How Often do You Clean Betta Fish Tank?

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Even if often advertised as low-maintenance pets which are great for beginner owners, these colorful fish still produce their waste as all other fish do, so cleaning their tanks is essential. But how often do you clean Betta fish tanks in the first place?

It is recommended to maintain your betta fish tank at least once a week, however this depends on multiple factors, such as the tank size, number and type of live plants, filter type and filter size, as well the feeding schedule.

However, there are some general rules that can be applied universally, and this writing is covering them all. Along with other handy suggestions.

How Often to Change Betta Fish Water?

Generally speaking, you should make water changes in every fish tank on weekly basis.

This usually applies to all, with the exception that smaller tanks, which might need more frequent water changes. Once per week is hence a universally accepted rule for water changes.

Such activity is crucially important to provide a healthy environment to your pet fish. Seeing that water is extremely clear and leaving it unchanged can bring to serious health complications.

With fish dropping their waste around the tank, or with food leftovers sinking down to the bottom, water may seem clean to human eyes when in fact it is not. Ammonia and nitrate particles are invisible but are surely present, and they can seriously increase their levels if water is not changed regularly.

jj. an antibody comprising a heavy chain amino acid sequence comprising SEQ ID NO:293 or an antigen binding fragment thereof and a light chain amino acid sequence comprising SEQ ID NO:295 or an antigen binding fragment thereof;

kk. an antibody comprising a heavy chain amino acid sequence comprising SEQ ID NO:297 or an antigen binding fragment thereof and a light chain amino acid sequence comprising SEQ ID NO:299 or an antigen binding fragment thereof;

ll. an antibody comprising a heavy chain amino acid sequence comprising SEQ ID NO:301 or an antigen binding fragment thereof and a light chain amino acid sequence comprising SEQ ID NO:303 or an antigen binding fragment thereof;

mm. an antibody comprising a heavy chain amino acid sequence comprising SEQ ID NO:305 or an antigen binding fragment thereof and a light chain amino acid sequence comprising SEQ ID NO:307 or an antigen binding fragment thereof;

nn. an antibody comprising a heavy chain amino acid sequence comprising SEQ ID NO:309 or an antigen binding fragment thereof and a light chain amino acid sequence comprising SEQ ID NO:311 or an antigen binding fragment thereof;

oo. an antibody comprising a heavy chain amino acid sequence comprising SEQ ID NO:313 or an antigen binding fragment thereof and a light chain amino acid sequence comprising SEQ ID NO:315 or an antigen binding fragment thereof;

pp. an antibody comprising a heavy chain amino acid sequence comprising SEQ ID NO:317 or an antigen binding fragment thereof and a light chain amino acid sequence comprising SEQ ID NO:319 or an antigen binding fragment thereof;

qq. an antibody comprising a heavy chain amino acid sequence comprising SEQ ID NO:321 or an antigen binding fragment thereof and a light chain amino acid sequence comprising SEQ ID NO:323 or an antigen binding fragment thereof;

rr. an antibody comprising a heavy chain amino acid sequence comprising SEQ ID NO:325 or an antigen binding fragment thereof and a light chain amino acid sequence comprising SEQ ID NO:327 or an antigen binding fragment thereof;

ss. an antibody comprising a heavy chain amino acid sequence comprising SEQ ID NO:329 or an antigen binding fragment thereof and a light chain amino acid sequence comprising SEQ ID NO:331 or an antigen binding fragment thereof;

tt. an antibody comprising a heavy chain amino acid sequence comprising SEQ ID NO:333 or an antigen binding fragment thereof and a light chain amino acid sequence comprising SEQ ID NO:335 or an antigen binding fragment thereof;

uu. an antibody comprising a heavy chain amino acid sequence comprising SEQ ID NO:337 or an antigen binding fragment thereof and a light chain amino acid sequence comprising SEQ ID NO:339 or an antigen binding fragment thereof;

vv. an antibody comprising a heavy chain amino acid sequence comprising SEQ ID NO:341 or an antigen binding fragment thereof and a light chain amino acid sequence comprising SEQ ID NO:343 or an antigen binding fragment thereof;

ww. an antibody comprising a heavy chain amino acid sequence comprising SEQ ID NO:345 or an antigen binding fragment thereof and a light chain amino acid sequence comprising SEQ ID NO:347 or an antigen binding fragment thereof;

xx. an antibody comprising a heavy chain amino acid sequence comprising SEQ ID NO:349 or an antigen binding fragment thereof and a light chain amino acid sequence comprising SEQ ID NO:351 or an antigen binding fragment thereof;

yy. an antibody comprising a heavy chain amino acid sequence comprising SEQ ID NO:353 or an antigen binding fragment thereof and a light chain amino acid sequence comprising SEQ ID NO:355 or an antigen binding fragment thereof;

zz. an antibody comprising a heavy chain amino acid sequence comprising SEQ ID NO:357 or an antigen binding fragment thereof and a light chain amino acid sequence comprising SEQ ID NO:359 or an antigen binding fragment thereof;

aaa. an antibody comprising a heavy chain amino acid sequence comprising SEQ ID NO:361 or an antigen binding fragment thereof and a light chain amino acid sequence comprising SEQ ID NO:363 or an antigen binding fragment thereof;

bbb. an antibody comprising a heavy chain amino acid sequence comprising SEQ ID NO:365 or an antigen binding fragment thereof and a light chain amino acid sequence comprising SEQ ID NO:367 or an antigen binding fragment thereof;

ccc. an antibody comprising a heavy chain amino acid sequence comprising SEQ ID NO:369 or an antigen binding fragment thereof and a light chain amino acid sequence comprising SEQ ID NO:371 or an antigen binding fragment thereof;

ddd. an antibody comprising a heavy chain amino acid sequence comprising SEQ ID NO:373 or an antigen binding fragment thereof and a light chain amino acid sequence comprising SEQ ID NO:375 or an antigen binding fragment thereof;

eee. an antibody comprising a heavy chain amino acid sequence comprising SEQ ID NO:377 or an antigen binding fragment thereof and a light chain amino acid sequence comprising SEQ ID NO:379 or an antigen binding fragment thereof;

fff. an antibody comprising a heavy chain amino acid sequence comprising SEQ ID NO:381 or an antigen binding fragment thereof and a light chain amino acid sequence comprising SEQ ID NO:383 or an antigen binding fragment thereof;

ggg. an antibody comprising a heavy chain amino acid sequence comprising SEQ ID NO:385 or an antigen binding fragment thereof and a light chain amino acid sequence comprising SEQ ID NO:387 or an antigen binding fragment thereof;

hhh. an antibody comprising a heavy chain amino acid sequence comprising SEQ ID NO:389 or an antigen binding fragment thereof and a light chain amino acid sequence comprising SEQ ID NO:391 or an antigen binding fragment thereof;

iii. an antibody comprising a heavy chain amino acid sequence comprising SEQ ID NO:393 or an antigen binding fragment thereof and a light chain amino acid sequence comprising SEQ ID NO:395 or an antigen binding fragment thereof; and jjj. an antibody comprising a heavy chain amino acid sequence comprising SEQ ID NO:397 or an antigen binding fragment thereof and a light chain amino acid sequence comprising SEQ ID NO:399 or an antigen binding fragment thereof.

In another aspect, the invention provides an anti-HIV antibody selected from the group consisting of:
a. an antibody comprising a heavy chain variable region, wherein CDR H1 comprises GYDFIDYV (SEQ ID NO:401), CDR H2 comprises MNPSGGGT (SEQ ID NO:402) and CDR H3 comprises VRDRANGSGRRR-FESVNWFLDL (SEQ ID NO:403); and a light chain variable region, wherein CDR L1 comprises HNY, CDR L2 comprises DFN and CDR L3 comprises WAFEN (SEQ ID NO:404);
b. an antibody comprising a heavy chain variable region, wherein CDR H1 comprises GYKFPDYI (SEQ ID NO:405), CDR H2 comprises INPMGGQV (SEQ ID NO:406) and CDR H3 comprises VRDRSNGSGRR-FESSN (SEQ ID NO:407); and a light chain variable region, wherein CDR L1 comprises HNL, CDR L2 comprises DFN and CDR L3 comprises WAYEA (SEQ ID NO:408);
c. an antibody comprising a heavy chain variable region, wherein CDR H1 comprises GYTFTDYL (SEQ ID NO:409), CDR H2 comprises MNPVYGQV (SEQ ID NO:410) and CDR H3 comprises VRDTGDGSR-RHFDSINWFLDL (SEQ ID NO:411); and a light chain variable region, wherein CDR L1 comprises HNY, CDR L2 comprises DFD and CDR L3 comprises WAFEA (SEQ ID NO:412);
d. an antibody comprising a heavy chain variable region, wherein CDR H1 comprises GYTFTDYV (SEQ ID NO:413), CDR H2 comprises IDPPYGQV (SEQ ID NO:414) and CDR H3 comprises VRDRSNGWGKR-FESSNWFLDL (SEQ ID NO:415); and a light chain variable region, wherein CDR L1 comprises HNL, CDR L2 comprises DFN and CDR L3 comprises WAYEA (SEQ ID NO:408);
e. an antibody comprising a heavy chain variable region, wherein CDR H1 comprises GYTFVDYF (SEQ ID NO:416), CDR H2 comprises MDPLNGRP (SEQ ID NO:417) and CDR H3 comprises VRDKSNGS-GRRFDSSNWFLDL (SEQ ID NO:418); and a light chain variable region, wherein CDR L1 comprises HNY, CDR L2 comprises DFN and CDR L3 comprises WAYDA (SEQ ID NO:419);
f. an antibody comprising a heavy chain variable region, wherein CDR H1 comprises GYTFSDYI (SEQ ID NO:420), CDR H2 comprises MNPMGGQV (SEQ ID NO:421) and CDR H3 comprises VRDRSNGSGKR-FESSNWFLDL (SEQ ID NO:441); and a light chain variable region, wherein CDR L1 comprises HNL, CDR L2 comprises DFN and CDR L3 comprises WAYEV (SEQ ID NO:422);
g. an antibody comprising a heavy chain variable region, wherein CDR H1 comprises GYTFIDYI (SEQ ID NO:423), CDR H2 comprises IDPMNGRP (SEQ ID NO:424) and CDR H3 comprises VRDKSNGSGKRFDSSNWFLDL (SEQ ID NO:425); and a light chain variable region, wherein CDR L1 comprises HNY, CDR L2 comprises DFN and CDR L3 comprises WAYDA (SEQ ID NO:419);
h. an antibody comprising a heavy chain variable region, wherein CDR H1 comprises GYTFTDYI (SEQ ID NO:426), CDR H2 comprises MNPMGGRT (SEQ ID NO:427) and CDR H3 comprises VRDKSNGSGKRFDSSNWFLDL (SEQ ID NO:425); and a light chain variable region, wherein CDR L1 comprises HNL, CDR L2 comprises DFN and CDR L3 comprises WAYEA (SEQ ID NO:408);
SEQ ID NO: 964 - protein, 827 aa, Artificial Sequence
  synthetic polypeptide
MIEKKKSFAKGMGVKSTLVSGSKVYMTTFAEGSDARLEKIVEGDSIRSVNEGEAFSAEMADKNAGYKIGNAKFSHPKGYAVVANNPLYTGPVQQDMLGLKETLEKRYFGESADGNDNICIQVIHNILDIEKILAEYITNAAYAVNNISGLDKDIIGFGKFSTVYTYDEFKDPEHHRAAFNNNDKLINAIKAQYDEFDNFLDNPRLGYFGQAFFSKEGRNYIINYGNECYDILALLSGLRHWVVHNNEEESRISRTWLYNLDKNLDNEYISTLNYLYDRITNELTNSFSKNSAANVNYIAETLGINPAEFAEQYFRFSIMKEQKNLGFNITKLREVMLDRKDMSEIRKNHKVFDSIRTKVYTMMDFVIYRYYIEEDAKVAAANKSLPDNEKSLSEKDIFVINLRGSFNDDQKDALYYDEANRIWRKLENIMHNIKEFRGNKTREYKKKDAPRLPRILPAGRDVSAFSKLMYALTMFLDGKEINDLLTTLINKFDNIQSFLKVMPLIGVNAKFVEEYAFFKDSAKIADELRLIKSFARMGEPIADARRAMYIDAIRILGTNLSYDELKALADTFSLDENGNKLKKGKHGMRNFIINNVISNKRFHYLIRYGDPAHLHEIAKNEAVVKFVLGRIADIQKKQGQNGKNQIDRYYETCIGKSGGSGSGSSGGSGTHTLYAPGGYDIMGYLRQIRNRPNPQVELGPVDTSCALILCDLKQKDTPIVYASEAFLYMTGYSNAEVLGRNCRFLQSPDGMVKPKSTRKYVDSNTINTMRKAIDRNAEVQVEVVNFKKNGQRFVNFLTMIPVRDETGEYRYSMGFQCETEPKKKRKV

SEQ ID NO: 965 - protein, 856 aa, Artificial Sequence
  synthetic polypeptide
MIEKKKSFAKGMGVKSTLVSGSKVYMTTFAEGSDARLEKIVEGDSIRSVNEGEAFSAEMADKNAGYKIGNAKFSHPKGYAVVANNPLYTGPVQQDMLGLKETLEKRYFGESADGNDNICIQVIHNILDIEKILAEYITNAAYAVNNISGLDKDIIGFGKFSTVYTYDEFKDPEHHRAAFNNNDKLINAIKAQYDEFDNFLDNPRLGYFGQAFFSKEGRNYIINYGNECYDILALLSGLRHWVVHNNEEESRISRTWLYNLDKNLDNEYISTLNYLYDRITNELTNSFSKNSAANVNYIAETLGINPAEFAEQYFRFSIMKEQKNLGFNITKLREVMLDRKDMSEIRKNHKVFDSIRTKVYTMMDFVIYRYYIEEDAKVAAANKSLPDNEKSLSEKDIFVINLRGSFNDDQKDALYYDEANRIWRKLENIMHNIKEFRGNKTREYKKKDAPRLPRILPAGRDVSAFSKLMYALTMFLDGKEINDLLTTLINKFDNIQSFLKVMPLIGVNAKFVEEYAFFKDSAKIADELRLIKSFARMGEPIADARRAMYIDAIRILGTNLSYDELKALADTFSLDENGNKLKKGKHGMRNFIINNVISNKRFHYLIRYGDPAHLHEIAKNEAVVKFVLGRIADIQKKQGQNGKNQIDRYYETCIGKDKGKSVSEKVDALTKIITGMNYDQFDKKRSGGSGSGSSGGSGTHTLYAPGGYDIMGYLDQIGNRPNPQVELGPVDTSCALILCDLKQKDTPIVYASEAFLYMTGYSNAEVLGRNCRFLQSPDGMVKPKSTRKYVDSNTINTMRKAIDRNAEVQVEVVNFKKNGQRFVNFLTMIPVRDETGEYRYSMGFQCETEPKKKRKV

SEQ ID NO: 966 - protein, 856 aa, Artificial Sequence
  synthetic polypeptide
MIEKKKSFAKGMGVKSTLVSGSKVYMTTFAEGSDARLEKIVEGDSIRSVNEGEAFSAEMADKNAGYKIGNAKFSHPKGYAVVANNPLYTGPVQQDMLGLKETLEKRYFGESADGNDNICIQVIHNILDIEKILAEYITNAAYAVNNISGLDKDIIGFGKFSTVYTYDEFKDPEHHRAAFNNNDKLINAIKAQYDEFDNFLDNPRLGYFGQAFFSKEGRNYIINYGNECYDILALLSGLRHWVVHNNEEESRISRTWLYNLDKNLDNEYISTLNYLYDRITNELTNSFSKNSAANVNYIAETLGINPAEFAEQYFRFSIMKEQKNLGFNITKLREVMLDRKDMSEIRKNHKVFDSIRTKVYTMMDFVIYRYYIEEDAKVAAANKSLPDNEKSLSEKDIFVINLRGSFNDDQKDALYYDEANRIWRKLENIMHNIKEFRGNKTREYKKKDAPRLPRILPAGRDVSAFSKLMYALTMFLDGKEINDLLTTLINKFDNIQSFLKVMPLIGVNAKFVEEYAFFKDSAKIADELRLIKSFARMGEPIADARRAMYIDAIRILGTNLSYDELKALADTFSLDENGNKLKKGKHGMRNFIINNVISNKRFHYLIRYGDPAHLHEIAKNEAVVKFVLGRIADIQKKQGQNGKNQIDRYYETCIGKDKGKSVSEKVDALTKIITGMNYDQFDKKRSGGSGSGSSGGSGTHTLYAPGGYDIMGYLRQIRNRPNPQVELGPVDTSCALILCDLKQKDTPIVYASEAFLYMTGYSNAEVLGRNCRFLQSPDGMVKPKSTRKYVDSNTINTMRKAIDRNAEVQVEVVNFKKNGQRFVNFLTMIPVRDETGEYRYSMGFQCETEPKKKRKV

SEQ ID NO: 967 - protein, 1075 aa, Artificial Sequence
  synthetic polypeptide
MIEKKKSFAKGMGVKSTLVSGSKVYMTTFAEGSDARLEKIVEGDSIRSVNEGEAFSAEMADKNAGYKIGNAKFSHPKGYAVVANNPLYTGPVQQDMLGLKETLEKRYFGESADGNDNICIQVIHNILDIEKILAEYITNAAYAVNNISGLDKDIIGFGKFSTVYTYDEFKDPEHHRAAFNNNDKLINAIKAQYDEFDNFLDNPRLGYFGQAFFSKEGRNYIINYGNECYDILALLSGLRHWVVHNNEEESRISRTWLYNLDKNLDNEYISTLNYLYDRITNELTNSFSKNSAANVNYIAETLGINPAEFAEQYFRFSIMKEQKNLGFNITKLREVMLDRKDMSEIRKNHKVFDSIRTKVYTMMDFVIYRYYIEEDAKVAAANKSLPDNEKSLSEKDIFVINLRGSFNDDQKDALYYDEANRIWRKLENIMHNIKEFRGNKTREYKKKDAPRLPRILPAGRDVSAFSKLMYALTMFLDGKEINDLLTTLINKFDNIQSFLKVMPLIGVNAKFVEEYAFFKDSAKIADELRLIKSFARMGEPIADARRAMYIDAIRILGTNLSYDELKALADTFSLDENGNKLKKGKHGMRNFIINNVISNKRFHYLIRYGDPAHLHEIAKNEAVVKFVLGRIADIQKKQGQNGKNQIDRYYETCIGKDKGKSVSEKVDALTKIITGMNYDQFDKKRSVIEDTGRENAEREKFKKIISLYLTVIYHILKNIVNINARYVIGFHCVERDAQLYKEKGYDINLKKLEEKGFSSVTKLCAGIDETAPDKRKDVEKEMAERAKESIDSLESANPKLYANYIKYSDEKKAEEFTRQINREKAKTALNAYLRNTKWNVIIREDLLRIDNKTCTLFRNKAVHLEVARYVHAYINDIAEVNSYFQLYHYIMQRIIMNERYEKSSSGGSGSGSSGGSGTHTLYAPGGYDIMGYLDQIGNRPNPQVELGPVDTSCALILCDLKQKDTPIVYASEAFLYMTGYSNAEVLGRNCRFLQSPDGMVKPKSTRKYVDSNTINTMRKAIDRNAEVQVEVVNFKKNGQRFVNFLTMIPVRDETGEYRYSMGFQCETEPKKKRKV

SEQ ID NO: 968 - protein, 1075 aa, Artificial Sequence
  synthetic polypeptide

This can, consequentially, bring to many different illnesses, as well as death, to your Betta.

How Much Water Should You Change?

For a larger tank with a proper filtering system, changing 10- to 20% of water is more than enough. However, if you are medicating your fish, it is suggestable to replace 50- to 70% of water after the medication process is complete.

Water changes of around 50% are recommendable for those owners who keep their fish into bowls, too (even if keeping Bettas in bowls is not good for their long-term health).

Whenever changing water to your pets, please make sure to always do that with the right amounts of water. Changing less water than necessary will simply not do the job, and there will still be higher levels of nitrate and ammonia than suggested.

On the other side, changing too much water can severely unbalance the aquarium ecosystem, which can finally bring your Bettas to too stressful situations.

Each tank has certain levels of temperature, bacteria (both healthy and unhealthy), pH levels, and other features such as water hardness. When taking away large amounts of such features from the tank and replacing them with completely fresh water, these levels will certainly be disarranged. By a lot.

When such highly stressful changes occur, most fish will simply not be able to adapt. And, unfortunately, it is not rare seeing fish die after a complete water replacement.

How Often to Clean the Filter?

Filters are surely one of the most important part of any aquarium equipment and keeping them clean is essential. The best is to always include filter cleaning into your water maintenance activities, so once every week. Depending on the tank size and filter type, it is also acceptable to clean filters every two weeks.